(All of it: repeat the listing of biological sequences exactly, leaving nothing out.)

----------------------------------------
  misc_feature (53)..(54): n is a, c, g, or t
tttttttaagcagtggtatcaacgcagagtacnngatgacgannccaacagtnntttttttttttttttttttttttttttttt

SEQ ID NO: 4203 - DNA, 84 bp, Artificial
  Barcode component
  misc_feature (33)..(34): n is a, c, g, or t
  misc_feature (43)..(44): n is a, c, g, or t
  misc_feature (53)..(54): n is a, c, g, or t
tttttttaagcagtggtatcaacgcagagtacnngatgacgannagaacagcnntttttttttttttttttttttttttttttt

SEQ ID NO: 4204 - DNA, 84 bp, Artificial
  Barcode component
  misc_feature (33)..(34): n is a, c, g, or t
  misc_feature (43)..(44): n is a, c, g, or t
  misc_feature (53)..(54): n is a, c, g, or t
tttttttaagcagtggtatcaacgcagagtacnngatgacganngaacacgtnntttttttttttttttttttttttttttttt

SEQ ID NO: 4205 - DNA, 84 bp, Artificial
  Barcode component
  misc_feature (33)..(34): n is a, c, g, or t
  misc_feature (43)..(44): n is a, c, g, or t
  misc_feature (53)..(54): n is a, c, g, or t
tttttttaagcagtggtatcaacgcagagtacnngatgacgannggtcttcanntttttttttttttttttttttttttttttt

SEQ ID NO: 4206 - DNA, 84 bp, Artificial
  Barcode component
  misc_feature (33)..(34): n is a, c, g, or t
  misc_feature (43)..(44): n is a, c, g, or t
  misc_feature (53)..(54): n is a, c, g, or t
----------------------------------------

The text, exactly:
  misc_feature (53)..(54): n is a, c, g, or t
tttttttaagcagtggtatcaacgcagagtacnngatgacgannccaacagtnntttttttttttttttttttttttttttttt

SEQ ID NO: 4203 - DNA, 84 bp, Artificial
  Barcode component
  misc_feature (33)..(34): n is a, c, g, or t
  misc_feature (43)..(44): n is a, c, g, or t
  misc_feature (53)..(54): n is a, c, g, or t
tttttttaagcagtggtatcaacgcagagtacnngatgacgannagaacagcnntttttttttttttttttttttttttttttt

SEQ ID NO: 4204 - DNA, 84 bp, Artificial
  Barcode component
  misc_feature (33)..(34): n is a, c, g, or t
  misc_feature (43)..(44): n is a, c, g, or t
  misc_feature (53)..(54): n is a, c, g, or t
tttttttaagcagtggtatcaacgcagagtacnngatgacganngaacacgtnntttttttttttttttttttttttttttttt

SEQ ID NO: 4205 - DNA, 84 bp, Artificial
  Barcode component
  misc_feature (33)..(34): n is a, c, g, or t
  misc_feature (43)..(44): n is a, c, g, or t
  misc_feature (53)..(54): n is a, c, g, or t
tttttttaagcagtggtatcaacgcagagtacnngatgacgannggtcttcanntttttttttttttttttttttttttttttt

SEQ ID NO: 4206 - DNA, 84 bp, Artificial
  Barcode component
  misc_feature (33)..(34): n is a, c, g, or t
  misc_feature (43)..(44): n is a, c, g, or t
  misc_feature (53)..(54): n is a, c, g, or t